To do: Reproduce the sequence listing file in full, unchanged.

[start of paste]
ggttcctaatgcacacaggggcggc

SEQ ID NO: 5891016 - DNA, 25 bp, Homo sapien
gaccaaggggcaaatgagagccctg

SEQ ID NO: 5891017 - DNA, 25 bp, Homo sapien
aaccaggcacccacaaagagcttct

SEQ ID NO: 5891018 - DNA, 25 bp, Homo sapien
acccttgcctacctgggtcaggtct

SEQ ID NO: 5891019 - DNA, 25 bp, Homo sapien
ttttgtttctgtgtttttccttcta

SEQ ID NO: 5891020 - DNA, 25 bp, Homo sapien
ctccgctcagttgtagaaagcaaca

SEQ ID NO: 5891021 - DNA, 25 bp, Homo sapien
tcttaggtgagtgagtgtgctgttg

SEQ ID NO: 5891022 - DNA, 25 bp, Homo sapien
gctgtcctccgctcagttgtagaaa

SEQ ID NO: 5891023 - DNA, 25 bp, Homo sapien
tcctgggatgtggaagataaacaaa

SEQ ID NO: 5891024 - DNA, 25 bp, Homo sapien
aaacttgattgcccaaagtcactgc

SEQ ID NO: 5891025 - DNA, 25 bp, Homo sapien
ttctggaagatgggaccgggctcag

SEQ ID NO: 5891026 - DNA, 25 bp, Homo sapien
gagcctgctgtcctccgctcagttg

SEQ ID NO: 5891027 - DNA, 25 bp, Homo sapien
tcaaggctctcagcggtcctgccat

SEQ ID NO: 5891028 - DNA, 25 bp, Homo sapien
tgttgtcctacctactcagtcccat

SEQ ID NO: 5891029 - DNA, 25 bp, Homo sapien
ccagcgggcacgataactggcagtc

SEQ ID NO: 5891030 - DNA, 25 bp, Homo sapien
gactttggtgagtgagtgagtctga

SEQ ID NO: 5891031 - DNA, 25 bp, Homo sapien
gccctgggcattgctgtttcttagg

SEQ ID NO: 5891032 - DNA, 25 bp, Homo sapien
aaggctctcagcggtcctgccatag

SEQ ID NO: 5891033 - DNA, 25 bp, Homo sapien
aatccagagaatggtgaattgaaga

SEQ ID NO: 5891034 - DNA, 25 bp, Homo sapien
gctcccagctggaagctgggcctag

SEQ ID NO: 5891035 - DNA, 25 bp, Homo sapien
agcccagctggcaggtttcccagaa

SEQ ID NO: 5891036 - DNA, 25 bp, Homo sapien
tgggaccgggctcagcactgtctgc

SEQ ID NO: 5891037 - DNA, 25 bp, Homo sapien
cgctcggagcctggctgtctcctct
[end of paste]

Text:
ggttcctaatgcacacaggggcggc

SEQ ID NO: 5891016 - DNA, 25 bp, Homo sapien
gaccaaggggcaaatgagagccctg

SEQ ID NO: 5891017 - DNA, 25 bp, Homo sapien
aaccaggcacccacaaagagcttct

SEQ ID NO: 5891018 - DNA, 25 bp, Homo sapien
acccttgcctacctgggtcaggtct

SEQ ID NO: 5891019 - DNA, 25 bp, Homo sapien
ttttgtttctgtgtttttccttcta

SEQ ID NO: 5891020 - DNA, 25 bp, Homo sapien
ctccgctcagttgtagaaagcaaca

SEQ ID NO: 5891021 - DNA, 25 bp, Homo sapien
tcttaggtgagtgagtgtgctgttg

SEQ ID NO: 5891022 - DNA, 25 bp, Homo sapien
gctgtcctccgctcagttgtagaaa

SEQ ID NO: 5891023 - DNA, 25 bp, Homo sapien
tcctgggatgtggaagataaacaaa

SEQ ID NO: 5891024 - DNA, 25 bp, Homo sapien
aaacttgattgcccaaagtcactgc

SEQ ID NO: 5891025 - DNA, 25 bp, Homo sapien
ttctggaagatgggaccgggctcag

SEQ ID NO: 5891026 - DNA, 25 bp, Homo sapien
gagcctgctgtcctccgctcagttg

SEQ ID NO: 5891027 - DNA, 25 bp, Homo sapien
tcaaggctctcagcggtcctgccat

SEQ ID NO: 5891028 - DNA, 25 bp, Homo sapien
tgttgtcctacctactcagtcccat

SEQ ID NO: 5891029 - DNA, 25 bp, Homo sapien
ccagcgggcacgataactggcagtc

SEQ ID NO: 5891030 - DNA, 25 bp, Homo sapien
gactttggtgagtgagtgagtctga

SEQ ID NO: 5891031 - DNA, 25 bp, Homo sapien
gccctgggcattgctgtttcttagg

SEQ ID NO: 5891032 - DNA, 25 bp, Homo sapien
aaggctctcagcggtcctgccatag

SEQ ID NO: 5891033 - DNA, 25 bp, Homo sapien
aatccagagaatggtgaattgaaga

SEQ ID NO: 5891034 - DNA, 25 bp, Homo sapien
gctcccagctggaagctgggcctag

SEQ ID NO: 5891035 - DNA, 25 bp, Homo sapien
agcccagctggcaggtttcccagaa

SEQ ID NO: 5891036 - DNA, 25 bp, Homo sapien
tgggaccgggctcagcactgtctgc

SEQ ID NO: 5891037 - DNA, 25 bp, Homo sapien
cgctcggagcctggctgtctcctct